After months on the sidelines, Boulder is joining the statewide debate on fracking and local control with a possible moratorium on hydraulic fracturing.
Longmont is engaged in a legal battle with the state over its own regulations and a voter-approved ban on the process, and Boulder County adopted regulations late last year. A county moratorium is set to expire in June. It's uncertain whether the county commissioners might extend it.
Boulder officials say the risk of anyone attempting to drill for oil and gas within city limits is remote, but open space lands -- where often the city does not own the mineral rights under the land -- may be at risk. The Boulder City Council will consider whether to adopt a moratorium on fracking in the city and on city-owned property at its June 4 meeting.
Council members asked the City Attorney's Office late Tuesday night to research the matter. City Attorney Tom Carr said he needs to research what legal liability, if any, the city would have from a moratorium, especially if it was to extend beyond a year. He also needs to research whether the moratorium could extend to open space lands in unincorporated Boulder County.
Boulder has longstanding regulations on oil and gas drilling on open space that have never been challenged.
Open Space Director Mike Patton said there are 109 documented oil or gas wells on open space, 14 of which are active, but it has been a long time since anyone has even applied for a permit.
The city gets several requests for information every year. Officials give the interested parties a copy of the regulations, which include provisions such as not contaminating groundwater, but so far no one has returned, Patton said.
"Our regulations have some things in them that you might not want to engage with unless you wanted to get involved in a lawsuit," Patton said.
However, those regulations have not been updated since 1993.
City officials are working on updating those rules, as well as clarifying the city's authority within Boulder limits, looking at what steps are necessary to protect city water utility property and drafting an ordinance to ensure city water is not used for fracking. However, they are unlikely to finish those tasks before the county moratorium expires.
At the same time, activists from the Sierra Club Indian Peaks Group have called on the city to adopt a five-year moratorium on fracking. They say the health effects are not widely understood, and more study is needed.
More than a dozen anti-fracking activists addressed the City Council on Tuesday night. They said the state has failed to protect local communities, and Boulder needs to act.
"350 Boulder believes there are numerous unresolved concerns about fracking impacting public health and safety, public land, water and air, that demand that responsible communities push a pause button while public health studies are conducted," said Susan Secord, a Boulder resident and member of 350 Boulder, a local environmental group.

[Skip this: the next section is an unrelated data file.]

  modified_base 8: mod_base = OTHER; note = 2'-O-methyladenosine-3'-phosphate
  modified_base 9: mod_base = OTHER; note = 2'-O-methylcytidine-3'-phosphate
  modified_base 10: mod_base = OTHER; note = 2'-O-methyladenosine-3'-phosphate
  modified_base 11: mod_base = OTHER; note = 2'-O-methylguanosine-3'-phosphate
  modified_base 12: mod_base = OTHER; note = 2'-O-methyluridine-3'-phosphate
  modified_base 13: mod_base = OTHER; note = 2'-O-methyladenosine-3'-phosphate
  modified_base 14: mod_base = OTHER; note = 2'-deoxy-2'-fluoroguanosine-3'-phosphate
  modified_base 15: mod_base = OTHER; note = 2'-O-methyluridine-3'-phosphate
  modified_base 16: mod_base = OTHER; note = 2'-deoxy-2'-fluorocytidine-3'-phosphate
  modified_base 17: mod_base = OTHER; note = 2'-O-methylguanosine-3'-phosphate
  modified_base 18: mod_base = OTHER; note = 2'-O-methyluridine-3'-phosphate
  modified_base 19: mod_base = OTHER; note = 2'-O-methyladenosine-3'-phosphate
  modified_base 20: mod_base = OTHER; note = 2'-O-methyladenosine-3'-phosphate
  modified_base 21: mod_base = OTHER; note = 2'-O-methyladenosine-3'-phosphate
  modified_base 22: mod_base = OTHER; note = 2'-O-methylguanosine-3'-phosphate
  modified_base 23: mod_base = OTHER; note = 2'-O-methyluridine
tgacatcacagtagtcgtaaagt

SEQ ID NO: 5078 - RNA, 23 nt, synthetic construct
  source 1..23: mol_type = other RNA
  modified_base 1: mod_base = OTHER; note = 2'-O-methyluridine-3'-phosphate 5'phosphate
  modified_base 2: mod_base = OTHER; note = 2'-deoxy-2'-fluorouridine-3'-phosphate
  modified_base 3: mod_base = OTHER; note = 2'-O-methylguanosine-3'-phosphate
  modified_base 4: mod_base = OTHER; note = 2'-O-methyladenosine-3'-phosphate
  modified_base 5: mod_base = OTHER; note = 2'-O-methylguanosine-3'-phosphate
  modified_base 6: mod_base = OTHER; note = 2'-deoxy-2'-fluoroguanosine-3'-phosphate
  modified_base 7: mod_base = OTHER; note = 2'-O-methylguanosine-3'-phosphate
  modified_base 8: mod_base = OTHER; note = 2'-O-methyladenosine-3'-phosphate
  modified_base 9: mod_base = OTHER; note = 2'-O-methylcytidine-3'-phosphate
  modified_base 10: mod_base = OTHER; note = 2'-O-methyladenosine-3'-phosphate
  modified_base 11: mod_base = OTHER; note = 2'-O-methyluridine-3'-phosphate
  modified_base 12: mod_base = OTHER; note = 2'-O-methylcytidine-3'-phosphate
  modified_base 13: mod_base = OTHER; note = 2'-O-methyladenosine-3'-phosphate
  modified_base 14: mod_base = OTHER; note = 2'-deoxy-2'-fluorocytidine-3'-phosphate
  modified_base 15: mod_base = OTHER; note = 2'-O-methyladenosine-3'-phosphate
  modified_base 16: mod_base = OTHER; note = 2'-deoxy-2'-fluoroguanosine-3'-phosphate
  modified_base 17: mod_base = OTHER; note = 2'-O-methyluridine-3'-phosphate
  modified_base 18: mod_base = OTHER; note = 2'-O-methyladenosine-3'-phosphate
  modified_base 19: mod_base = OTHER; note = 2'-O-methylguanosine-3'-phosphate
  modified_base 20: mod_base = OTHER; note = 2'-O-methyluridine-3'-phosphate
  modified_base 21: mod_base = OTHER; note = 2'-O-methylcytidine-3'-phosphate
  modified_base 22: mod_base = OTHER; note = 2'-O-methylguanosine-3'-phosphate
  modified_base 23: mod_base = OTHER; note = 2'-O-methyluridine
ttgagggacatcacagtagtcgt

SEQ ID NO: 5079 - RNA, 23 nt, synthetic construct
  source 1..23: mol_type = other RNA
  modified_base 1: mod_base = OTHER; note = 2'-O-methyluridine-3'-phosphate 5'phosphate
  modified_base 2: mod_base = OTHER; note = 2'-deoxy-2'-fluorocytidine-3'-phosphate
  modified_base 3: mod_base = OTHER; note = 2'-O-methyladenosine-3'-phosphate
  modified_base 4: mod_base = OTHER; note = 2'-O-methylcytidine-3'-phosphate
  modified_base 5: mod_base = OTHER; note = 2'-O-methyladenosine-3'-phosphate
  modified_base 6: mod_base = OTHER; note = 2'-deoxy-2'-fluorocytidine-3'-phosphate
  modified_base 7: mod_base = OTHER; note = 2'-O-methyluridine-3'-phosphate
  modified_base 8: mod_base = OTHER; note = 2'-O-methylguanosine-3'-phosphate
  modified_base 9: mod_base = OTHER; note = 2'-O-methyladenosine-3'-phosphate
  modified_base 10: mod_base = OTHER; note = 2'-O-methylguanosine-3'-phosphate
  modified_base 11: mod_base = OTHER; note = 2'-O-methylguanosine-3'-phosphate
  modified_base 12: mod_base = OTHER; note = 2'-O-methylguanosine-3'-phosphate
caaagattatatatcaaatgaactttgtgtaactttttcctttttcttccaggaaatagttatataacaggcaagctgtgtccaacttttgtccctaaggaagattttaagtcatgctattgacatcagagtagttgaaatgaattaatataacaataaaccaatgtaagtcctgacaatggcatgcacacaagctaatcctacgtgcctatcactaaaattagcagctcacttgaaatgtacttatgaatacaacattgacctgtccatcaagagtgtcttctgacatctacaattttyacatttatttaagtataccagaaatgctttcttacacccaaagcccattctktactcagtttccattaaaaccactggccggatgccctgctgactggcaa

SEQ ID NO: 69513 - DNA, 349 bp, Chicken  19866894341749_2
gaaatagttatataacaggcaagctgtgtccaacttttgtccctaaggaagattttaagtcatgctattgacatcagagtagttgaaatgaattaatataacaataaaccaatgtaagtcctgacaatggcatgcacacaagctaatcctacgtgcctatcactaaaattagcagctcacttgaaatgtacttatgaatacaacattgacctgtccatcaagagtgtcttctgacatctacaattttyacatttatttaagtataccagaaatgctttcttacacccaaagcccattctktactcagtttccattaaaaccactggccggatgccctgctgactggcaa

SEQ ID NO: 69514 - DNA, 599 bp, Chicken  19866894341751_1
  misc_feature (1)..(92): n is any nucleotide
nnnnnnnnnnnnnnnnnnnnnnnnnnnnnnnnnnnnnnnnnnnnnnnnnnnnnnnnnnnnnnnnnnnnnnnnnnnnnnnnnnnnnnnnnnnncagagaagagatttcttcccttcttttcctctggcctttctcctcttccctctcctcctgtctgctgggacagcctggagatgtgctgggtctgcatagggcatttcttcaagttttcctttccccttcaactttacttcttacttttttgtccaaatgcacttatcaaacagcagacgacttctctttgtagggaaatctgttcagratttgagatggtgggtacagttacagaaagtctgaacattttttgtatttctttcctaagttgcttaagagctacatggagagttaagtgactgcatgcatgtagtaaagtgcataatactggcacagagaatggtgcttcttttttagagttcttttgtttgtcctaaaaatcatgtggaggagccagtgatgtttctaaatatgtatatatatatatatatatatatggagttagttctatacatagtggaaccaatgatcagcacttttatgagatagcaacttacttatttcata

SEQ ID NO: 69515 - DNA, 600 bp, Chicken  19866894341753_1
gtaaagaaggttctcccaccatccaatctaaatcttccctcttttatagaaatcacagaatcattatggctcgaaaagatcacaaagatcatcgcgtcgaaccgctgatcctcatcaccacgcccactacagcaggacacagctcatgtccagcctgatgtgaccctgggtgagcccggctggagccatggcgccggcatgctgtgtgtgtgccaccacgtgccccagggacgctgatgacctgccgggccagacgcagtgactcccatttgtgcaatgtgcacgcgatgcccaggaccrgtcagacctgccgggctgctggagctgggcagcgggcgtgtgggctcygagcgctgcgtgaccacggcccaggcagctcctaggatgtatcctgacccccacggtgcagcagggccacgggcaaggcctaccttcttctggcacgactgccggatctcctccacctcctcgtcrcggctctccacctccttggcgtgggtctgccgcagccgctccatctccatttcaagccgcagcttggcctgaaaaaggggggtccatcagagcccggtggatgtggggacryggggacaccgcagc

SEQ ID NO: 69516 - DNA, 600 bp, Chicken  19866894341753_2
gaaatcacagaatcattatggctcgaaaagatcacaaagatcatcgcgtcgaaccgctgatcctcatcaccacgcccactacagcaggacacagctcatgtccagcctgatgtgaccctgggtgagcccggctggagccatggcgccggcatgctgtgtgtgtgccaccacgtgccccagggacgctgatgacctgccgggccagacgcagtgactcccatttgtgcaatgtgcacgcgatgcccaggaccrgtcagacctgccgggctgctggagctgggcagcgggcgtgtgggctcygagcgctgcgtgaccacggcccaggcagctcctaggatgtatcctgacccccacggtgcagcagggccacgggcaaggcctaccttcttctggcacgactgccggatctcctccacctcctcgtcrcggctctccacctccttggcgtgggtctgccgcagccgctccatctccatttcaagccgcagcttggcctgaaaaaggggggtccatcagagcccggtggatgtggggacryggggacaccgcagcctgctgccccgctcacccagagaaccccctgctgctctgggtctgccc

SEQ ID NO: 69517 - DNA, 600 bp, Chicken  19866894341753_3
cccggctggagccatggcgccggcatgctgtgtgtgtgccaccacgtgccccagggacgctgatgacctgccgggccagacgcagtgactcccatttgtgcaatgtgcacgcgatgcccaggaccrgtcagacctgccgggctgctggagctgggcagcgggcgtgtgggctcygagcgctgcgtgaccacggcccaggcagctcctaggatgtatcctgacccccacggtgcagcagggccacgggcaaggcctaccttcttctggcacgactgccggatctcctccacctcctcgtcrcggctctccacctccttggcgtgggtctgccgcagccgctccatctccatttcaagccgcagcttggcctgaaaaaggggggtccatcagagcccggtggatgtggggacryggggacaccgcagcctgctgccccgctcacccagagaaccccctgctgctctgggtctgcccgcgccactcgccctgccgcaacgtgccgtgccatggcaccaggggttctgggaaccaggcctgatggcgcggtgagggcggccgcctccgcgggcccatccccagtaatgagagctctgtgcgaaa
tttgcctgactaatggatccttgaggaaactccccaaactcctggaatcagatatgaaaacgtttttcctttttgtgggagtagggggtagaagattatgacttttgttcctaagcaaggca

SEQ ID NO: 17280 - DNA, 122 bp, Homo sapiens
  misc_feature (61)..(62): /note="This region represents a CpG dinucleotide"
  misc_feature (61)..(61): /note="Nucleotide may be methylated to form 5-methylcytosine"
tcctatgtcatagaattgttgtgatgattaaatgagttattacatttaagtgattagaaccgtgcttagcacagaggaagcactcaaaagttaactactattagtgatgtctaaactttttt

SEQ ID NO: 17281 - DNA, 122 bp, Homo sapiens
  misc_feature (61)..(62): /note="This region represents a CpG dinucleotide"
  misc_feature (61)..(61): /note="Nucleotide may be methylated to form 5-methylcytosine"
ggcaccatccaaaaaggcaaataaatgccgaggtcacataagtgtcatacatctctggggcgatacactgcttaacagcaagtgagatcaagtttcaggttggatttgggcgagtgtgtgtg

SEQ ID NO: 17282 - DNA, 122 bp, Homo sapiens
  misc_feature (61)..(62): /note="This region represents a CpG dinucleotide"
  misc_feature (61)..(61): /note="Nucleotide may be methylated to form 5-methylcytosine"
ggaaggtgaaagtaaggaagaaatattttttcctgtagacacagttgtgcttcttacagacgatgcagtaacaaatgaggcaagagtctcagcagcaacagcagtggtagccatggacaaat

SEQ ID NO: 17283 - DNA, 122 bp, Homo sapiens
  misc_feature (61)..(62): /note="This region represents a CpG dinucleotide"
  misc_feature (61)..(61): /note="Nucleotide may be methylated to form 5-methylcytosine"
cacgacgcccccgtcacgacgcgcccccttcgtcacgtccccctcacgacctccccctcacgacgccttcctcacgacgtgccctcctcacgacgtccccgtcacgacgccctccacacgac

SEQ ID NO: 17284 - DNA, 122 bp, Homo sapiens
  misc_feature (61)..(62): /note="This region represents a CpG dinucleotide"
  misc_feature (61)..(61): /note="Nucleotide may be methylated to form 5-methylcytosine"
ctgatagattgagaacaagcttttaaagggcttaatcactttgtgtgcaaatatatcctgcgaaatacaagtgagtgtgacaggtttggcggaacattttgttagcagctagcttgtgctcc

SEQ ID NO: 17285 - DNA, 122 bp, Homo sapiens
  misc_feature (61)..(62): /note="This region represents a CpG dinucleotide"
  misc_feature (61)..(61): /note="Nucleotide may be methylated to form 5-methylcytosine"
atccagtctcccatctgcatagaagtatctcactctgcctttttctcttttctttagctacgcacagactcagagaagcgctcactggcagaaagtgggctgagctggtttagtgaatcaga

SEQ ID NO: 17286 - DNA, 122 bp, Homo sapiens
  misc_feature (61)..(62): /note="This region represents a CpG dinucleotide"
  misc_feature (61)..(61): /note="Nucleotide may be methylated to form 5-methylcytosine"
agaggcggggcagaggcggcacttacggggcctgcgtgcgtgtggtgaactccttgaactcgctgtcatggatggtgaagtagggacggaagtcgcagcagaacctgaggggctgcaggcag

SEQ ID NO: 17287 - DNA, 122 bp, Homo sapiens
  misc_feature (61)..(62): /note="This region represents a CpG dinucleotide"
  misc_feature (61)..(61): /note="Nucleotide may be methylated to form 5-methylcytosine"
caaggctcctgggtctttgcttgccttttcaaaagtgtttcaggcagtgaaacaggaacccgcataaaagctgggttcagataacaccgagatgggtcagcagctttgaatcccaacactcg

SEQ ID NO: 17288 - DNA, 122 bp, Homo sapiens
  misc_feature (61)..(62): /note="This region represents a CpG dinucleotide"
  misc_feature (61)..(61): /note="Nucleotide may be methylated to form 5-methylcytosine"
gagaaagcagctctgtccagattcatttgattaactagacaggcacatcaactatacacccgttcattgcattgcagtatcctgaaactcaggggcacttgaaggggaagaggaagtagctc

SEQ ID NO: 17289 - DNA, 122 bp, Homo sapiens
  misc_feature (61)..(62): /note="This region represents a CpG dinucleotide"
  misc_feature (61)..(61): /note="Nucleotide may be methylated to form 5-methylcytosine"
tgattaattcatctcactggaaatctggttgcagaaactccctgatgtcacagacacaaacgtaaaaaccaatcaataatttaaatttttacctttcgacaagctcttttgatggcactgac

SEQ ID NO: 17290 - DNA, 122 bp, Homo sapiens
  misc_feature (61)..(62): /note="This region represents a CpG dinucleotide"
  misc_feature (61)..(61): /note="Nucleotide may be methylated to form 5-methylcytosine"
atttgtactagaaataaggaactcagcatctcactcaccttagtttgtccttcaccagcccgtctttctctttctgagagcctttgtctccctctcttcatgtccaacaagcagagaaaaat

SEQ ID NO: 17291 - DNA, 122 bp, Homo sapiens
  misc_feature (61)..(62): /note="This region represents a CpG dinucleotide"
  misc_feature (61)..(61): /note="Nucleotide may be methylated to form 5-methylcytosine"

The Colorado Oil and Gas Conservation Commission considers regulating oil and gas drilling to be its responsibility and has sued Longmont to assert its authority. Gov. John Hickenlooper, a former petroleum geologist, warned other communities that they would be sued, too, if they tried to ban fracking.
The county commissioners have attempted to stay on the right side of the state by focusing their regulations on the local impacts of fracking, rather than the practice itself. The commissioners have a hearing scheduled for next week on whether to adopt road impact fees for oil and gas companies.
County officials believe their regulations would also apply to city-owned land in the county, but spokeswoman Barbara Halpin said they would work with the city.
Robert Randall, deputy director of the Colorado Department of Natural Resources, said he could not comment on how the oil and gas commission would respond to a hypothetical moratorium.
"How the State responds will depend on exactly what the City Council does with regard to a moratorium on hydraulic fracturing -- its rationale for taking action, the duration and scope of a moratorium, etc.," Randall said in an email.
Carr said multi-year moratoriums like that requested by the Sierra Club tend to be harder to defend, though he planned to review the legal rationale presented by activists.
Boulder City Council members were generally supportive of a moratorium through the end of the year.
Councilman Macon Cowles said the city should put the moratorium on the ballot to show state regulators that it is not just the nine members of the City Council who are concerned about fracking, but the entire community.
Patton said city officials believe their regulations have the most authority on city-owned land.
"We're going to be pretty tenacious about holding onto our rights to our property," Patton said.
The open space department has tried to research the cost to buy up mineral rights on open space property. However, the sale of mineral rights does not need to be recorded, and it can be difficult and time-consuming to track down ownership information.
The city has hired an attorney with expertise in the area to assist its efforts.
Councilman Ken Wilson said people should keep in mind that cheap natural gas is an important resource.
"The reason we're not freezing in this building is because we're burning natural gas," Wilson said. "The reason we're not freezing in our homes is because we're burning natural gas."
Wilson pointed out the city's municipalization plans also depend in large part on cheap natural gas.
Boulder Mayor Matt Appelbaum said the city still has a special interest in fracking because the lands vulnerable to oil and gas drilling are open space.
"We're not looking at generic lands," he said. "We're looking at open space that has been bought for preservation."
Contact Camera Staff Writer Erica Meltzer at 303-473-1355 or firstname.lastname@example.org.